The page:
One leading European producer has hiked their sheet prices by around €150 /t w/w for a second week in a row. Prices are increasing on an almost daily basis and this instability has led to panic among some market participants. Many customers are not able to confirm or commit to deals because of this uncertainty. The main concern of many market participants in today’s market is how these high steel and energy costs will be passed through to customers. Italian flat producers have already taken the approach of including an additional energy surcharge in their existing contracts made before the start of March.


Chinese domestic sheet prices recorded the most significant weekly decline in months. Sheet prices fell by RMB70-180 /t across the board over the past week as sentiment collapsed on the recent Covid-19 outbreaks across the country. Although the latest released macroeconomic indicators in January and February are better than market expectations, participants become pessimistic due to slower underlying demand recovery given strict regional lockdowns. Shipping and truck delivery will also be extended given stricter quarantine requirements. Consequently, sheet inventories quickly dropped by 3% w/w as traders rushed to the spot market and clear stocks given market uncertainties. On the supply side, production is expected to increase as the government’s two sessions and air quality control due to the Winter Paralympics has now ended. With the expected production increases but slower demand recovery, steel mills will face a tough period again with a “double squeeze” ahead, referring to the push from elevated production costs but reluctance from end-users to accept any price increases. Therefore, we expect sheet prices to stay volatile in the coming weeks.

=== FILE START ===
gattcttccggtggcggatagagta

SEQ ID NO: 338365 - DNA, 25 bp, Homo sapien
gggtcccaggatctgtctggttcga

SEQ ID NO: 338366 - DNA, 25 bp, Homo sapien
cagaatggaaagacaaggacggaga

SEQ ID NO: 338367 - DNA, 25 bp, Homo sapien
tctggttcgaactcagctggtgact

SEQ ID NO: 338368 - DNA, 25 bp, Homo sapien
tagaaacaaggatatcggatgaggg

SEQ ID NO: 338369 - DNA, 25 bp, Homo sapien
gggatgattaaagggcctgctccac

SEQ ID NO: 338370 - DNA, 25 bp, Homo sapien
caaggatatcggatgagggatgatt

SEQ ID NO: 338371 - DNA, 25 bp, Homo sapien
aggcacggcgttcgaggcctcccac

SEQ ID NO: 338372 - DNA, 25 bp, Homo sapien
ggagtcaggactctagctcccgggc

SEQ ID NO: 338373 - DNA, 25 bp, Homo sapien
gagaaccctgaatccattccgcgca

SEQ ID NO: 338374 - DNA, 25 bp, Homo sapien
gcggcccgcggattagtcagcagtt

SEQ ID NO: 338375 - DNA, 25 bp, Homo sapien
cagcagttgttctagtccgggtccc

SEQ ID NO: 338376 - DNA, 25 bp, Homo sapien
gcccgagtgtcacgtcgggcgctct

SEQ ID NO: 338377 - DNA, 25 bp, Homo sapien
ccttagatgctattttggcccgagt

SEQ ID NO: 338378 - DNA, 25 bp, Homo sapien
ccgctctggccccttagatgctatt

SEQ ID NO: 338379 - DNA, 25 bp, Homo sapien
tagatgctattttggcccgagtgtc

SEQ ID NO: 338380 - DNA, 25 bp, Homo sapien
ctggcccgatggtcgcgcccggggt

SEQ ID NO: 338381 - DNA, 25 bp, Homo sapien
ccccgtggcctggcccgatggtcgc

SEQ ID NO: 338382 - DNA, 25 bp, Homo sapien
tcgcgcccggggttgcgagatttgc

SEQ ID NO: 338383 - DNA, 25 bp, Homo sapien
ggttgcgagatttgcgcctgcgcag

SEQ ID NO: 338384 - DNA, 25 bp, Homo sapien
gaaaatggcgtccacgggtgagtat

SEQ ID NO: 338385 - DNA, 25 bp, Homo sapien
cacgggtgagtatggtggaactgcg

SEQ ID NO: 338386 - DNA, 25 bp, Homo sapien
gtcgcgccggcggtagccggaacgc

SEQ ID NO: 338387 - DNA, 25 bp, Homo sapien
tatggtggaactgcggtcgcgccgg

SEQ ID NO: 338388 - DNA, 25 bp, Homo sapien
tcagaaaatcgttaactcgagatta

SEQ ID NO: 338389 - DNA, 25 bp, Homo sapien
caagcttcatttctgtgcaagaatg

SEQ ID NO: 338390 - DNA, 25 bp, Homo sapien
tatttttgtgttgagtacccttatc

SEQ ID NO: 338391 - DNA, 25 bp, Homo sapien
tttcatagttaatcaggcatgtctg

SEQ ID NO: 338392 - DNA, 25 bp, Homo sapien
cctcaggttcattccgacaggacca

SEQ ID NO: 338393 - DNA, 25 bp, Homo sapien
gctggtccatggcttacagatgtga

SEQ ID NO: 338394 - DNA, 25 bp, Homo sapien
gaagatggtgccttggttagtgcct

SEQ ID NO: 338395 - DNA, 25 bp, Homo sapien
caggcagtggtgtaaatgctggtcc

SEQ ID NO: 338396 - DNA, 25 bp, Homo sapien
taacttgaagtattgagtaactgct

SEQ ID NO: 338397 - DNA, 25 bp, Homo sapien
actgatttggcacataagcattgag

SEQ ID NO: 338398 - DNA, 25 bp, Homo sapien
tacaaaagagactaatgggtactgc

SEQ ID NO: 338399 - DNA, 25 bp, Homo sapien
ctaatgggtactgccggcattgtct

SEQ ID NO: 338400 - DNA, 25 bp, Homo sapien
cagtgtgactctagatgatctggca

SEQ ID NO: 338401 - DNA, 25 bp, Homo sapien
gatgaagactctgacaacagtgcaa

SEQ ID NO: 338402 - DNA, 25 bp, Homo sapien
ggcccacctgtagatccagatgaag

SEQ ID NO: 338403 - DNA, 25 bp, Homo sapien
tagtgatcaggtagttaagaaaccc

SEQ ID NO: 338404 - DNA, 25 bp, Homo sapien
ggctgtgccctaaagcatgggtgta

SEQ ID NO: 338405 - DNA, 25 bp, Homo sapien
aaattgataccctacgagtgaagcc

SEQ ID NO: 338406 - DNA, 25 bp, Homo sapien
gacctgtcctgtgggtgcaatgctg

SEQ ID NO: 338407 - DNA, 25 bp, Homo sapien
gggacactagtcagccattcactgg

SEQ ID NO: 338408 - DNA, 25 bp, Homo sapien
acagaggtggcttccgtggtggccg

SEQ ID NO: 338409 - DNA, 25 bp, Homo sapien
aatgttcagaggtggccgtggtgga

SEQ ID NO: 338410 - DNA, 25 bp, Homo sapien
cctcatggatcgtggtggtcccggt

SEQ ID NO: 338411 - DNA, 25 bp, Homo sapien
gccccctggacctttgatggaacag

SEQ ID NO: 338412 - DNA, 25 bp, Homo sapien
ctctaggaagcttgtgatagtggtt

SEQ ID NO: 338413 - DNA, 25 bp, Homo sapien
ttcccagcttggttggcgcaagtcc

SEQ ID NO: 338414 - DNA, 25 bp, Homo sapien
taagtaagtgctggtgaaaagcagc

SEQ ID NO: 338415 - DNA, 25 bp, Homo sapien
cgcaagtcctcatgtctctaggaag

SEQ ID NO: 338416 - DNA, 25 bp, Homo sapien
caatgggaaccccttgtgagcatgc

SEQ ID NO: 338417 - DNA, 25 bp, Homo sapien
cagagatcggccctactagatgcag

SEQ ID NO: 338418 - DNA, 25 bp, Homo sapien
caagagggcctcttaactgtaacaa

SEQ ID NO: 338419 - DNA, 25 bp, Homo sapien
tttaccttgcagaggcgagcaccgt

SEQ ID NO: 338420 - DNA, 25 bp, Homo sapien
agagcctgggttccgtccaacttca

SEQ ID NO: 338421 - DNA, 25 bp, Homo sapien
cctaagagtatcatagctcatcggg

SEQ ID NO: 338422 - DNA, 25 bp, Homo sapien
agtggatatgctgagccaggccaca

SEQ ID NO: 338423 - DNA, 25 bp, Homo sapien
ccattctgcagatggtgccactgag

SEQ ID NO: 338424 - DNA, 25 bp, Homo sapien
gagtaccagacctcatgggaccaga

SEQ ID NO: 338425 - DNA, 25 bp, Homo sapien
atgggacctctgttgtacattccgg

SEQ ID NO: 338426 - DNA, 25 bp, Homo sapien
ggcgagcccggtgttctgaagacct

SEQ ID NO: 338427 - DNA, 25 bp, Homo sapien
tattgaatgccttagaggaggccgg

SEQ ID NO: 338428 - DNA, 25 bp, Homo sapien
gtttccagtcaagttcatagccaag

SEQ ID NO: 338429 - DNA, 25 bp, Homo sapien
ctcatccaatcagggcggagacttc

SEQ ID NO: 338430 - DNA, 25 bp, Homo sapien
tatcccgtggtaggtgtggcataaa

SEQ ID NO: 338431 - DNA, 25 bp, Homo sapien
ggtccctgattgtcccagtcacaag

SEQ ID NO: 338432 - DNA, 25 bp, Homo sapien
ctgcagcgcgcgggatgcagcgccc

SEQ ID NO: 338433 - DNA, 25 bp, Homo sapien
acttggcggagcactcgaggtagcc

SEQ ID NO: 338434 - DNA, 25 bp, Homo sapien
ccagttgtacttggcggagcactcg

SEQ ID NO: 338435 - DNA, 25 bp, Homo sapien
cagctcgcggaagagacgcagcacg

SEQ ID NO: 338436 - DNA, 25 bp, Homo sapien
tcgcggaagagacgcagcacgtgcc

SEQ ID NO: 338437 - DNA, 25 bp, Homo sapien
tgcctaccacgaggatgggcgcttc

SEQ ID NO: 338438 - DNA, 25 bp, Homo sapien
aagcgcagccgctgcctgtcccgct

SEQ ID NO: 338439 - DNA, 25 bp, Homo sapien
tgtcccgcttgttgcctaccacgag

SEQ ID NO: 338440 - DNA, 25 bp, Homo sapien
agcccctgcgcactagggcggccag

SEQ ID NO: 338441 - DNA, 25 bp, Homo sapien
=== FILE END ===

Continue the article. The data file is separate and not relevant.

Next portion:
Prices of imported sheet products in the Asia market were stable last week as market sentiment grew increasingly bearish amid a drop in Chinese domestic prices. For HR coil SAE1006, Chinese material remains the least expensive with steady offers at $910-920 /t CFR Vietnam. Even so, buyers were not keen to bid as they would prefer to wait for price updates from Vietnamese mills. Mills from South Korea, Japan and India were not keen on selling to Vietnam because they were able to achieve higher prices by selling to the European market.